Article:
Debate: Many children and young people have no more information about diagnoses such as anxiety and ADHD than what they find on TikTok.
The first thing kids learn about mental health shouldn’t come from self-diagnosis videos on TikTok.
Issues related to anxiety, depression, eating disorders, suicidal thoughts and self-harm emerged as common content among influencers. The lack of transparency around these subjects has long been a barrier that had to be broken down. Fortunately, there are far fewer taboos surrounding mental health issues today. Children and young people are encouraged to talk to someone and not face demanding emotions alone. But what skills do children and young people need to better manage adversity, loss and change? How can they deal with all the feelings they can finally talk about more openly?
For many children and young people, TikTok trends are the information they have about diagnoses such as anxiety and ADHD. There’s a lot to be said for the trends and intentions behind many of these videos. However, more children and young people could have filtered out what is correct and appropriate in the videos and what is not, if they had had a basic skill and a conscious relationship with their own mental health. It’s about understanding the biology and processes in the brain, being able to identify and reflect on your own feelings, and most importantly what is “normally” painful and difficult and what you need assistance.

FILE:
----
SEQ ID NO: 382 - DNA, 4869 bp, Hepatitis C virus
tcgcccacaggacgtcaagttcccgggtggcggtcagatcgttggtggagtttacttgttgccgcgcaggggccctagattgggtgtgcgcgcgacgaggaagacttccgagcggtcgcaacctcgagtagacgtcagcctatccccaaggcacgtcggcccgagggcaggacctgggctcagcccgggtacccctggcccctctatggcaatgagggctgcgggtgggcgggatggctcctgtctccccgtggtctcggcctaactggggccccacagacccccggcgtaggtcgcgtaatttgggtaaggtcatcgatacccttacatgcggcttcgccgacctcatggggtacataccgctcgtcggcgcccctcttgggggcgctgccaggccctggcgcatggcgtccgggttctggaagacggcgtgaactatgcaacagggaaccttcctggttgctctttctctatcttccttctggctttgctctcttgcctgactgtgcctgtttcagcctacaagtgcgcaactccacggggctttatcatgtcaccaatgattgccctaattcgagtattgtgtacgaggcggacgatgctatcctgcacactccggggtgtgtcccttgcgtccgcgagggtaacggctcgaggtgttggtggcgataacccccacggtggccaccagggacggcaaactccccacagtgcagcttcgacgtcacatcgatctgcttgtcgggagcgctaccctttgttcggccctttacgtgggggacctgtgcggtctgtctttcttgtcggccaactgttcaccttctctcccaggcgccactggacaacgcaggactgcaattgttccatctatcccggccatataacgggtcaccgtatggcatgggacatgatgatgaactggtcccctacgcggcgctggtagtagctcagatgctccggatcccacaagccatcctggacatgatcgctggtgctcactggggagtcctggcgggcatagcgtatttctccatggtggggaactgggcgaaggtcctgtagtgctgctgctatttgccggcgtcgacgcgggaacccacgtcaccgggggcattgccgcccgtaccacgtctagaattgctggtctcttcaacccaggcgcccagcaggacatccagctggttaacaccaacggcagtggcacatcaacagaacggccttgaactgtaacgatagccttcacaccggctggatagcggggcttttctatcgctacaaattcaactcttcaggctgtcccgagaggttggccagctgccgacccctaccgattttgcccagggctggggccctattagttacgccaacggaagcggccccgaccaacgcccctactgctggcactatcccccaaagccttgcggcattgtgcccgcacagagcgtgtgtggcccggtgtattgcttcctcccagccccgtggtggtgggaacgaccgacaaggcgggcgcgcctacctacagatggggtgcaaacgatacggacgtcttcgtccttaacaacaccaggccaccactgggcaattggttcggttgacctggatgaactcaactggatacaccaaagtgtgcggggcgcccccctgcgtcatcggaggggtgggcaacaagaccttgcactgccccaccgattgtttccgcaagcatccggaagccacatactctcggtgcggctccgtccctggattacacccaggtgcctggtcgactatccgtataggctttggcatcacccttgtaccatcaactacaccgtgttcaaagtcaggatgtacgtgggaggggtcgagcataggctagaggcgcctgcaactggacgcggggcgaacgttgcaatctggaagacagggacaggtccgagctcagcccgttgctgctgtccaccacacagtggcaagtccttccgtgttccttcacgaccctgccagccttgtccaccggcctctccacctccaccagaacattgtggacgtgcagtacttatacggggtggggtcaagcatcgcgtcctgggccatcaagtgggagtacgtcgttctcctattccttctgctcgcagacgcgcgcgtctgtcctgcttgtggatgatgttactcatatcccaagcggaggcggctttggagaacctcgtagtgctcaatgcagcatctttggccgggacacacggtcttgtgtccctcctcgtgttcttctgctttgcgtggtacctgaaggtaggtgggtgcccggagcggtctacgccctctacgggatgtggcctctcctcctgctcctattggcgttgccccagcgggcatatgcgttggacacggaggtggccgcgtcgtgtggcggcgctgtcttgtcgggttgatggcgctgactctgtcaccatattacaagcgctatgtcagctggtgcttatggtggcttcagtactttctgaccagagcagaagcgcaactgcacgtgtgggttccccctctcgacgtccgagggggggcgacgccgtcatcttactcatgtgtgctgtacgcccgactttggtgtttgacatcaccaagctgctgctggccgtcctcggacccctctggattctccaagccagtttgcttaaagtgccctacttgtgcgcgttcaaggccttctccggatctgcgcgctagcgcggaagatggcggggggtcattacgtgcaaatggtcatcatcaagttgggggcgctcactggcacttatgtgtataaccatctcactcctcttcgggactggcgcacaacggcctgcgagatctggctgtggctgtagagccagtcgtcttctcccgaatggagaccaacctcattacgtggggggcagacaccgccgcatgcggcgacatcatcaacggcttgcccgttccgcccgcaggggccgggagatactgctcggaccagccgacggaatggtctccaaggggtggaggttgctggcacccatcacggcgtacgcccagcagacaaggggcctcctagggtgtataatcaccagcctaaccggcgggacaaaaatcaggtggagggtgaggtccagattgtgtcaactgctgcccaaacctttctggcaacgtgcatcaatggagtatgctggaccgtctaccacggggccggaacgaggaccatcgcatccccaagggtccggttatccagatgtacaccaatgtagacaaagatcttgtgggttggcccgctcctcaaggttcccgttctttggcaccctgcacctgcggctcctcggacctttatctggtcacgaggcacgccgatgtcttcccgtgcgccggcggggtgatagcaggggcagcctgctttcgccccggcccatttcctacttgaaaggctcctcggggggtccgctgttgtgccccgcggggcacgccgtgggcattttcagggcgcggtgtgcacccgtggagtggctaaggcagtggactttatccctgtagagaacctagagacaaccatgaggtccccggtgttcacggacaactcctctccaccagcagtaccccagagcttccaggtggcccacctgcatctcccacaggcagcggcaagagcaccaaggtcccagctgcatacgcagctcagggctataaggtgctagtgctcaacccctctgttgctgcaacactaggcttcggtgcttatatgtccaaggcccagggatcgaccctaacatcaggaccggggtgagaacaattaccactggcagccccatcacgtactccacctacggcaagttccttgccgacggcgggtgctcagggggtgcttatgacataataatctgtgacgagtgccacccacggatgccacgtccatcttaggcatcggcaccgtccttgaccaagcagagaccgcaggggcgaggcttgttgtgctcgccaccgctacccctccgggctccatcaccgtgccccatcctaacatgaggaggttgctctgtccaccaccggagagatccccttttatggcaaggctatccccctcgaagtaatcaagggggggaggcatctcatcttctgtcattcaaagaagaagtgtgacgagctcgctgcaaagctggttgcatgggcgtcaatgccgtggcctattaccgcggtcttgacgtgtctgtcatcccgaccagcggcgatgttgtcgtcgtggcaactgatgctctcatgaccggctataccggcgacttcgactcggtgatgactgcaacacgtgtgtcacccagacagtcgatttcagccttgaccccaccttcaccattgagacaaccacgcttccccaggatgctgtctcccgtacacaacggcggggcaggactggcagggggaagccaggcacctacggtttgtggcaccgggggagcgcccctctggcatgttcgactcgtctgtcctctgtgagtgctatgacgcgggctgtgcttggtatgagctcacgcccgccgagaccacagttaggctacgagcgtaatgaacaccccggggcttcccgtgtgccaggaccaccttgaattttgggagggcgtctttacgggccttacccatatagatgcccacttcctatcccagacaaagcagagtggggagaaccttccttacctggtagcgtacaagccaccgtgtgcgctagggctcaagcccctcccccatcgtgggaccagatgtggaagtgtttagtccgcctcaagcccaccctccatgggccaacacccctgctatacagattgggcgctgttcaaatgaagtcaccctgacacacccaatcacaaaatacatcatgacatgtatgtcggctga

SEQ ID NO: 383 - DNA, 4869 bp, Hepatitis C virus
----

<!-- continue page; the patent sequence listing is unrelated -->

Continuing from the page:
Also read: School can affect students’ mental health both positively and negatively
While influencers and social media represent children’s first encounter with mental health and reflection on their own feelings, many may end up wandering off, feeling stressed, and needlessly seeking help with day-to-day conditions. They may think they have a diagnosis when everything they feel is completely normal. Another big problem with the culture of sharing is the lack of stories about what actually helps. As long as we focus on mental health only to share that we are suffering, we will not progress.
Where should young people learn? Who is responsible? The school must dare to take mental health seriously, for real. School is the only arena where all children and young people come together. At school, we can create the psychosocial environment where children and young people can have the opportunity to understand the connections between how they feel and what they act, and to see their mental health in the light of lives they have lived and the challenges they have faced. Here they can also learn coping strategies that help them when they are going through a difficult time and when they need to ask for help.
We are in the midst of a professional renewal with an increased focus on mental health themes across all disciplines. Faced with the demanding responsibility for the mental health of children and young people, I fear that many teachers only talk about it, but are not necessarily better equipped to meet and support students in difficulty.
It is therefore not enough to introduce adaptation to life as a subject to be taught, teachers must be equipped so that they know how they can best be a support in difficult encounters with the complex and demanding emotions of children. They must be trained to manage this responsibility and acquire good appreciative communication techniques.
Arrangements should also be made for teachers to have the time to get to know children and support them more in their lives, academically, socially and emotionally. Coping with life should not be taught. It must be shown, seen and yes, also shared.
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